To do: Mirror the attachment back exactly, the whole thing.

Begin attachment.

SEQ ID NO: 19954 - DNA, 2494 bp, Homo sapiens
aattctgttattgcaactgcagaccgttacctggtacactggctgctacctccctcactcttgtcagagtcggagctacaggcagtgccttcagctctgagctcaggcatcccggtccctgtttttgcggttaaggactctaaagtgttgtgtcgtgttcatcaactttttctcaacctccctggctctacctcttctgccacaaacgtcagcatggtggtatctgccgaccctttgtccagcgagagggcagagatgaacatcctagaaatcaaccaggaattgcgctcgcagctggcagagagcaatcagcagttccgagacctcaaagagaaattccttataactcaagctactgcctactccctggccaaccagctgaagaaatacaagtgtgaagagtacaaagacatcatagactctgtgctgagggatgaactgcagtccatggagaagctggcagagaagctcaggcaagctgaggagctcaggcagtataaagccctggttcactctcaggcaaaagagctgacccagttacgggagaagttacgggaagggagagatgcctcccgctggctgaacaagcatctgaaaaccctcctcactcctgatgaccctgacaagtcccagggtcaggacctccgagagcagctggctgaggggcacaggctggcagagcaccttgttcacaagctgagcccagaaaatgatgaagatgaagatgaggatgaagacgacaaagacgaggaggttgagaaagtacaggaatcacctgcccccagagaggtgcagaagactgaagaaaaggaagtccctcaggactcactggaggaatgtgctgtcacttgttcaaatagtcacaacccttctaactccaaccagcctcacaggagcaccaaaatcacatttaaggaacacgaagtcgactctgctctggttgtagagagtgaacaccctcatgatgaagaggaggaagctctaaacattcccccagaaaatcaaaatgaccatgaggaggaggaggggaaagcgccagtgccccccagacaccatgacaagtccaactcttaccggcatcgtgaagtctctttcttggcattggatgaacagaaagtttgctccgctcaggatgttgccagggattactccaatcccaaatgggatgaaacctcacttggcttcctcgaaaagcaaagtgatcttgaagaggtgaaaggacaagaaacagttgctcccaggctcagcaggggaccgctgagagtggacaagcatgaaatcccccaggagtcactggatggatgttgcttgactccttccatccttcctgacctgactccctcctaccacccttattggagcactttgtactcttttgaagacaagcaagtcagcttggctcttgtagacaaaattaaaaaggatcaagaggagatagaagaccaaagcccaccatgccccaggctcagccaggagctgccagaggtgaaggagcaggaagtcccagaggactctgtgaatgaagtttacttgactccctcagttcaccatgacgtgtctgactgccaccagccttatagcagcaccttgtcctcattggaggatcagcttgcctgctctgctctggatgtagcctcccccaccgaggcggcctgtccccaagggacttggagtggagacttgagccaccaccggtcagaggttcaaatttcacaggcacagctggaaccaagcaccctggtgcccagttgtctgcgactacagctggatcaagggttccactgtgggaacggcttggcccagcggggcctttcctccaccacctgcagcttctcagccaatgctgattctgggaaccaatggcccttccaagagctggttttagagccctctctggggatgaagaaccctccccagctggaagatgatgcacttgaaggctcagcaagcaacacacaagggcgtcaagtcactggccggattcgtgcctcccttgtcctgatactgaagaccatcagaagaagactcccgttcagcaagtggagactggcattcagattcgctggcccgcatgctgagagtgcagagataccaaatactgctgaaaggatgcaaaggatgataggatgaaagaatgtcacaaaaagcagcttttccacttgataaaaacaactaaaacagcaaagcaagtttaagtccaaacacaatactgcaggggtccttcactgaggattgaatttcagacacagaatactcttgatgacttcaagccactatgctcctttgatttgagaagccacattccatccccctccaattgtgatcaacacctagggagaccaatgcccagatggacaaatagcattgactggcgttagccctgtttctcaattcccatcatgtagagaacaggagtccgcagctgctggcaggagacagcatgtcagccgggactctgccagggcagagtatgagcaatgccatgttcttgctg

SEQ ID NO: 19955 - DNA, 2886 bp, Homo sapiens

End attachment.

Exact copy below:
SEQ ID NO: 19954 - DNA, 2494 bp, Homo sapiens
aattctgttattgcaactgcagaccgttacctggtacactggctgctacctccctcactcttgtcagagtcggagctacaggcagtgccttcagctctgagctcaggcatcccggtccctgtttttgcggttaaggactctaaagtgttgtgtcgtgttcatcaactttttctcaacctccctggctctacctcttctgccacaaacgtcagcatggtggtatctgccgaccctttgtccagcgagagggcagagatgaacatcctagaaatcaaccaggaattgcgctcgcagctggcagagagcaatcagcagttccgagacctcaaagagaaattccttataactcaagctactgcctactccctggccaaccagctgaagaaatacaagtgtgaagagtacaaagacatcatagactctgtgctgagggatgaactgcagtccatggagaagctggcagagaagctcaggcaagctgaggagctcaggcagtataaagccctggttcactctcaggcaaaagagctgacccagttacgggagaagttacgggaagggagagatgcctcccgctggctgaacaagcatctgaaaaccctcctcactcctgatgaccctgacaagtcccagggtcaggacctccgagagcagctggctgaggggcacaggctggcagagcaccttgttcacaagctgagcccagaaaatgatgaagatgaagatgaggatgaagacgacaaagacgaggaggttgagaaagtacaggaatcacctgcccccagagaggtgcagaagactgaagaaaaggaagtccctcaggactcactggaggaatgtgctgtcacttgttcaaatagtcacaacccttctaactccaaccagcctcacaggagcaccaaaatcacatttaaggaacacgaagtcgactctgctctggttgtagagagtgaacaccctcatgatgaagaggaggaagctctaaacattcccccagaaaatcaaaatgaccatgaggaggaggaggggaaagcgccagtgccccccagacaccatgacaagtccaactcttaccggcatcgtgaagtctctttcttggcattggatgaacagaaagtttgctccgctcaggatgttgccagggattactccaatcccaaatgggatgaaacctcacttggcttcctcgaaaagcaaagtgatcttgaagaggtgaaaggacaagaaacagttgctcccaggctcagcaggggaccgctgagagtggacaagcatgaaatcccccaggagtcactggatggatgttgcttgactccttccatccttcctgacctgactccctcctaccacccttattggagcactttgtactcttttgaagacaagcaagtcagcttggctcttgtagacaaaattaaaaaggatcaagaggagatagaagaccaaagcccaccatgccccaggctcagccaggagctgccagaggtgaaggagcaggaagtcccagaggactctgtgaatgaagtttacttgactccctcagttcaccatgacgtgtctgactgccaccagccttatagcagcaccttgtcctcattggaggatcagcttgcctgctctgctctggatgtagcctcccccaccgaggcggcctgtccccaagggacttggagtggagacttgagccaccaccggtcagaggttcaaatttcacaggcacagctggaaccaagcaccctggtgcccagttgtctgcgactacagctggatcaagggttccactgtgggaacggcttggcccagcggggcctttcctccaccacctgcagcttctcagccaatgctgattctgggaaccaatggcccttccaagagctggttttagagccctctctggggatgaagaaccctccccagctggaagatgatgcacttgaaggctcagcaagcaacacacaagggcgtcaagtcactggccggattcgtgcctcccttgtcctgatactgaagaccatcagaagaagactcccgttcagcaagtggagactggcattcagattcgctggcccgcatgctgagagtgcagagataccaaatactgctgaaaggatgcaaaggatgataggatgaaagaatgtcacaaaaagcagcttttccacttgataaaaacaactaaaacagcaaagcaagtttaagtccaaacacaatactgcaggggtccttcactgaggattgaatttcagacacagaatactcttgatgacttcaagccactatgctcctttgatttgagaagccacattccatccccctccaattgtgatcaacacctagggagaccaatgcccagatggacaaatagcattgactggcgttagccctgtttctcaattcccatcatgtagagaacaggagtccgcagctgctggcaggagacagcatgtcagccgggactctgccagggcagagtatgagcaatgccatgttcttgctg

SEQ ID NO: 19955 - DNA, 2886 bp, Homo sapiens